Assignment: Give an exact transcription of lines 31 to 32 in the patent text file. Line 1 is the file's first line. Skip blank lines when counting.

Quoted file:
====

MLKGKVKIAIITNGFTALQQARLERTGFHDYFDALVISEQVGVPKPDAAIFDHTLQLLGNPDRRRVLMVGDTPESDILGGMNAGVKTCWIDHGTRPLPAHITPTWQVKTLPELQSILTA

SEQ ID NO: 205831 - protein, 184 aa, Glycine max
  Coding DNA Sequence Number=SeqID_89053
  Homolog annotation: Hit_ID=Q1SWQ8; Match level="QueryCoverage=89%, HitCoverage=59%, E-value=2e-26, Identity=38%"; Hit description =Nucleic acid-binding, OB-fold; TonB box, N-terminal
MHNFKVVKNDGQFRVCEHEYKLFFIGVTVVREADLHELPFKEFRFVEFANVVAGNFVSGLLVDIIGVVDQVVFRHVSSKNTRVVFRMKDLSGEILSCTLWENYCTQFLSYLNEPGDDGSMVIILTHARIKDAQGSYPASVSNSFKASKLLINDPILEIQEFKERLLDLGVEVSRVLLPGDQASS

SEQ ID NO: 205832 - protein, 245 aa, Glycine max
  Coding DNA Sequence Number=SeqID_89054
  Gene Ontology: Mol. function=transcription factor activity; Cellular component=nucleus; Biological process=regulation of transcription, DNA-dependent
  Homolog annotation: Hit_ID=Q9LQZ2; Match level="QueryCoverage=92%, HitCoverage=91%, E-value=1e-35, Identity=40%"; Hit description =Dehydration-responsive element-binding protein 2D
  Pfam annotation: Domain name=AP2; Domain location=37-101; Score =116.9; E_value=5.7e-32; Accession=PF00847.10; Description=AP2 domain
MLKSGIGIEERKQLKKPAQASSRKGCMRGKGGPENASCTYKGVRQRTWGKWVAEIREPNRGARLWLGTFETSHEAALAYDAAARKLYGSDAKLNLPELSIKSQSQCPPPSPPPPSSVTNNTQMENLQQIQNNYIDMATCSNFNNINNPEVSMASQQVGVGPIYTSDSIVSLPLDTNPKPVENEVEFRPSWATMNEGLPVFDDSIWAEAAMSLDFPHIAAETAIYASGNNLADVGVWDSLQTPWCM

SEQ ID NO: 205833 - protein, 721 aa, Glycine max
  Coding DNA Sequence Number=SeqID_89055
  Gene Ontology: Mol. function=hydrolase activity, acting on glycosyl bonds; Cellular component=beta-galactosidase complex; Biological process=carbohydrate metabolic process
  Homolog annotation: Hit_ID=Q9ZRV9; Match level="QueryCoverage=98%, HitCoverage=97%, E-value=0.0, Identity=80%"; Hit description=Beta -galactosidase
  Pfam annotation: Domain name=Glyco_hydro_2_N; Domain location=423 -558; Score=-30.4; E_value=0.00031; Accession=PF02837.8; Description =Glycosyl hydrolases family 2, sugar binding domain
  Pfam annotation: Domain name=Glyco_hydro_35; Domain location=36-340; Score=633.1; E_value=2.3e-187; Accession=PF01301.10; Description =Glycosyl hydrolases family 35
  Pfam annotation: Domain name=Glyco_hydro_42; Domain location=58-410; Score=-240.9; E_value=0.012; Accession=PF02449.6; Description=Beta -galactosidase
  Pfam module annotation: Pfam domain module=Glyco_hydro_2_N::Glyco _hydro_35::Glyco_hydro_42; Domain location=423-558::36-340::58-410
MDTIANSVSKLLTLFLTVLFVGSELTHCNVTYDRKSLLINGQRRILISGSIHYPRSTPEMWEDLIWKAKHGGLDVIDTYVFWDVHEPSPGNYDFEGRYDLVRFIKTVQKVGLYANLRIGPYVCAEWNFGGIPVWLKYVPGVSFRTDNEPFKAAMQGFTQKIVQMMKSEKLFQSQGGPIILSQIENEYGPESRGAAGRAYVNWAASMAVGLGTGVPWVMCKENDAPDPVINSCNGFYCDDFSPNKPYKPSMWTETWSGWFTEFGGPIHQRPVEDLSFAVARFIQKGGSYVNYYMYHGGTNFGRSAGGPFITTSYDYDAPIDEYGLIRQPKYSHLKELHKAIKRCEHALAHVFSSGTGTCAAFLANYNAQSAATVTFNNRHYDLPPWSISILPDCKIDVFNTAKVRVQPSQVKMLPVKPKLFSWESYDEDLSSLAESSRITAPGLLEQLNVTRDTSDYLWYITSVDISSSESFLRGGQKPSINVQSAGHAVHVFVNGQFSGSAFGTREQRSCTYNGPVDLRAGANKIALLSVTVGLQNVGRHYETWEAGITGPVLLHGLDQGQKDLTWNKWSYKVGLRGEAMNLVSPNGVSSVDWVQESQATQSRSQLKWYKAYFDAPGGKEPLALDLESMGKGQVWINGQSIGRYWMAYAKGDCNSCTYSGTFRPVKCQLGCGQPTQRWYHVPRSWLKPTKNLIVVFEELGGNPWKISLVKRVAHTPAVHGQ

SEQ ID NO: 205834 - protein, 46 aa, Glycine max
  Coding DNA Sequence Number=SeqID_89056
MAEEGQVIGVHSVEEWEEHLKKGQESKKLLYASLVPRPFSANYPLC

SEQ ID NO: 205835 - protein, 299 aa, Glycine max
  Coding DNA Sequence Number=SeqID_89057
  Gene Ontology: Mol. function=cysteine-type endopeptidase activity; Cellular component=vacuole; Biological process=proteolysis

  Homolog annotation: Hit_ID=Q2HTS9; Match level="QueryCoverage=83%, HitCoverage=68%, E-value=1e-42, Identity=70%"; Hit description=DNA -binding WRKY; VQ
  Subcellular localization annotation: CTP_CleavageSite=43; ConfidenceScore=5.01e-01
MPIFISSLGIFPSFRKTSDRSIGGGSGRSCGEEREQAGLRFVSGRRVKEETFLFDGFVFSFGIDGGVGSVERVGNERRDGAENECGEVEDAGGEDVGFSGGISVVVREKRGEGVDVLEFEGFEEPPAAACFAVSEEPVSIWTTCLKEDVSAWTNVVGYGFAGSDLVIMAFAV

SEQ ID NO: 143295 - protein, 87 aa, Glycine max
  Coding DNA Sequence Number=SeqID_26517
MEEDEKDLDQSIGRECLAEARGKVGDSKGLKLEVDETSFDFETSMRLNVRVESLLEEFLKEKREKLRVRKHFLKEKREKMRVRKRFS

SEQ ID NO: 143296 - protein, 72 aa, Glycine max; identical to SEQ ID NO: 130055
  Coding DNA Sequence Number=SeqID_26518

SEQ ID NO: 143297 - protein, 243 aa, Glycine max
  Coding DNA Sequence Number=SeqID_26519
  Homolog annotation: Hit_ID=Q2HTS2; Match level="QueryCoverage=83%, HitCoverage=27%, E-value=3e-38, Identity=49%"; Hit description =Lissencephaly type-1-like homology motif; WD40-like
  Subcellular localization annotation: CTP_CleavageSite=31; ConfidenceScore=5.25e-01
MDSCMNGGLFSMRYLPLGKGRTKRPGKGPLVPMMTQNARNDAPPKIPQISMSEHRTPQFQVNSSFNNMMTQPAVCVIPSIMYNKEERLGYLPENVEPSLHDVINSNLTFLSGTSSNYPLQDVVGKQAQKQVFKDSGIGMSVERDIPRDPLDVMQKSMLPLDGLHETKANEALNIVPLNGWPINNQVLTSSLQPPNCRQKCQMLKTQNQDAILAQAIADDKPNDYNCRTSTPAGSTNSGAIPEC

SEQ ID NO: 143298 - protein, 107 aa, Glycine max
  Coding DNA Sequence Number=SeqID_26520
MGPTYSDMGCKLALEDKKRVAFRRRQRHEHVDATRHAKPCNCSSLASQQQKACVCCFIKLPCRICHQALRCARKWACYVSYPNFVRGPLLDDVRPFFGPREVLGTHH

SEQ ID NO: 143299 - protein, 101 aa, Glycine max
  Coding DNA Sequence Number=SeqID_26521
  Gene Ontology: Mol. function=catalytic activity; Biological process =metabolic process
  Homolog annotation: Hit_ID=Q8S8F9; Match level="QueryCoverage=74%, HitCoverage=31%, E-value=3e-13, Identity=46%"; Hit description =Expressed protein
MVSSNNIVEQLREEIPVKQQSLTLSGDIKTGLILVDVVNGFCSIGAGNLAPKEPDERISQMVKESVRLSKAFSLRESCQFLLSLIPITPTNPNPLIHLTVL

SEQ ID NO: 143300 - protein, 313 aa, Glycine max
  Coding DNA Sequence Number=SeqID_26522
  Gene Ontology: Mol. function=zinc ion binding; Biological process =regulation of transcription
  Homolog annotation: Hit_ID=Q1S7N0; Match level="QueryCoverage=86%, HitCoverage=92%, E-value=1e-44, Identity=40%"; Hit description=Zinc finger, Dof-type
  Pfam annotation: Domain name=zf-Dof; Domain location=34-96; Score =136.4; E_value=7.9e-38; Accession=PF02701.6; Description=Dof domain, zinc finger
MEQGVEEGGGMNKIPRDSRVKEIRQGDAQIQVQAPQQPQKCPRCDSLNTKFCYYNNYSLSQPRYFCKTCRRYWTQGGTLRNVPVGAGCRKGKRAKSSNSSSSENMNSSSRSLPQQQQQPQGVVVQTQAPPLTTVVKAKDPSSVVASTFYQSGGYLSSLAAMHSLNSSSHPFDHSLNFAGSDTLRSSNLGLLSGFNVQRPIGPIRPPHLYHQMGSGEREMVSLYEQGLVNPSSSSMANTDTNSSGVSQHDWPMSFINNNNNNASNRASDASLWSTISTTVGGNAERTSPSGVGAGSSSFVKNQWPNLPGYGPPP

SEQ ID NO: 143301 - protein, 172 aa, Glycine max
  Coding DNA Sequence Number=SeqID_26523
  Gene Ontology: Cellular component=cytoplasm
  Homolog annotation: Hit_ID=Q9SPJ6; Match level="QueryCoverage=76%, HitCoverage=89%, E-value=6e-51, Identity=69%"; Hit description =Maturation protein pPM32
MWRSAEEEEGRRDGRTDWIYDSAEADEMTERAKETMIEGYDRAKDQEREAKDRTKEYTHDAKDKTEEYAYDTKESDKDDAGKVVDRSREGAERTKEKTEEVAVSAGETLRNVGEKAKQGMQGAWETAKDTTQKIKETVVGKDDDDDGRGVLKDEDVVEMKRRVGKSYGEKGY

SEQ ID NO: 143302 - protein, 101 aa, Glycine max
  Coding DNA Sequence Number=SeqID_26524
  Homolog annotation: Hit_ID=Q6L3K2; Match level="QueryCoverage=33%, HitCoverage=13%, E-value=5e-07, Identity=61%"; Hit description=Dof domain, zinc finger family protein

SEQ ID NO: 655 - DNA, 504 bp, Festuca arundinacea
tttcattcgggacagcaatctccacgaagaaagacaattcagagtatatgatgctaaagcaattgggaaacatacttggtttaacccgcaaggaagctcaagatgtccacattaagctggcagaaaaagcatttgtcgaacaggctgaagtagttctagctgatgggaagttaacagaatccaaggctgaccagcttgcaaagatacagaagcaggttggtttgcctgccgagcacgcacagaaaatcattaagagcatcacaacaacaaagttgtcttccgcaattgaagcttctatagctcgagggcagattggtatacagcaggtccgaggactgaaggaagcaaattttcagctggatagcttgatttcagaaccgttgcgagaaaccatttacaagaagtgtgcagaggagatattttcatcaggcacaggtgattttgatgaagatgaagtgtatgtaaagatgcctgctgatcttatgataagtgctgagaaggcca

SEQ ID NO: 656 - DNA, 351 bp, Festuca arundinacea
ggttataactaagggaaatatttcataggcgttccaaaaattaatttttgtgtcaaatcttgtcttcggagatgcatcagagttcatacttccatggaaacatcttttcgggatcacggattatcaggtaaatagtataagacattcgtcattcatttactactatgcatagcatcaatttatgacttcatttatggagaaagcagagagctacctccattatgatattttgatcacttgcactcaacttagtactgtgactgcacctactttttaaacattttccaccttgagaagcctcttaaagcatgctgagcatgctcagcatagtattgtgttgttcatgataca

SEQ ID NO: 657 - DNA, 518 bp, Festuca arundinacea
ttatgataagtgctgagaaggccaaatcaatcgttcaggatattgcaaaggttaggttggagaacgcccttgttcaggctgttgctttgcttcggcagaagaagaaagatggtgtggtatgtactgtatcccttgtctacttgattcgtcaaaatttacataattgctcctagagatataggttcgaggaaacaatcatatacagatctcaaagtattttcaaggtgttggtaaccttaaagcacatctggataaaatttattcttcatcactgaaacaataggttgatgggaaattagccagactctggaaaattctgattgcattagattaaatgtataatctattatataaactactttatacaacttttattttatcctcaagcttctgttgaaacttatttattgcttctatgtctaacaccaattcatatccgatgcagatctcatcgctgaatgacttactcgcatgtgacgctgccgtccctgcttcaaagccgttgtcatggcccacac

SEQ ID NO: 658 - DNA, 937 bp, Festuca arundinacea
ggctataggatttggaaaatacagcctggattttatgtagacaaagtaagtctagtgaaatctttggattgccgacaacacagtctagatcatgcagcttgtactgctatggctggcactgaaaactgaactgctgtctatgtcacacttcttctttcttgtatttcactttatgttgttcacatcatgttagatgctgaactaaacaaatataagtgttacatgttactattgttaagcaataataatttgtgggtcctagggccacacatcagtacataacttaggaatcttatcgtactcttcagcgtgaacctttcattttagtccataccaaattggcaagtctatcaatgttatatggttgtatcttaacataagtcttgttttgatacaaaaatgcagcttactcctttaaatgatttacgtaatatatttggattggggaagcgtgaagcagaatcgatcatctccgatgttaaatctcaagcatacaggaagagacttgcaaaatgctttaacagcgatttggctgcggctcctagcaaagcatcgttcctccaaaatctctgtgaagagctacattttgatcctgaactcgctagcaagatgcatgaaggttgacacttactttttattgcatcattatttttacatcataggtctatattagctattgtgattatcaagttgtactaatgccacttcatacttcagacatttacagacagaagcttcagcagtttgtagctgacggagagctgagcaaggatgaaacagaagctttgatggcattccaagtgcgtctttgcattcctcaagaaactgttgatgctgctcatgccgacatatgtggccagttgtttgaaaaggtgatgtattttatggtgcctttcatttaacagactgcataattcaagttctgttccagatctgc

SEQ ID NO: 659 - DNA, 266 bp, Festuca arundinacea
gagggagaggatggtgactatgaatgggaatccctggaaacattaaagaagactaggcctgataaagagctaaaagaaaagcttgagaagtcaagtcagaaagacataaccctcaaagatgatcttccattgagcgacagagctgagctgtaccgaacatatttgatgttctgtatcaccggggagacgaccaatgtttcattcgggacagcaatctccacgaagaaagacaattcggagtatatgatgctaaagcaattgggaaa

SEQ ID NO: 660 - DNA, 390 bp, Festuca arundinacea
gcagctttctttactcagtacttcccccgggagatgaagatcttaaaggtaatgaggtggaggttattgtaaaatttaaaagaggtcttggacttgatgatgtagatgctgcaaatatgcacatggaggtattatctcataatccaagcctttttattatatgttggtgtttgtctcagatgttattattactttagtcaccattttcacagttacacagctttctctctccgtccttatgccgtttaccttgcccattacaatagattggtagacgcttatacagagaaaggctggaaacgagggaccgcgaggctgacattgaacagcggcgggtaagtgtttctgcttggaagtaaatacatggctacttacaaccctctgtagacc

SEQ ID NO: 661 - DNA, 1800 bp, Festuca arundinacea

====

  Coding DNA Sequence Number=SeqID_26517
MEEDEKDLDQSIGRECLAEARGKVGDSKGLKLEVDETSFDFETSMRLNVRVESLLEEFLKEKREKLRVRKHFLKEKREKMRVRKRFS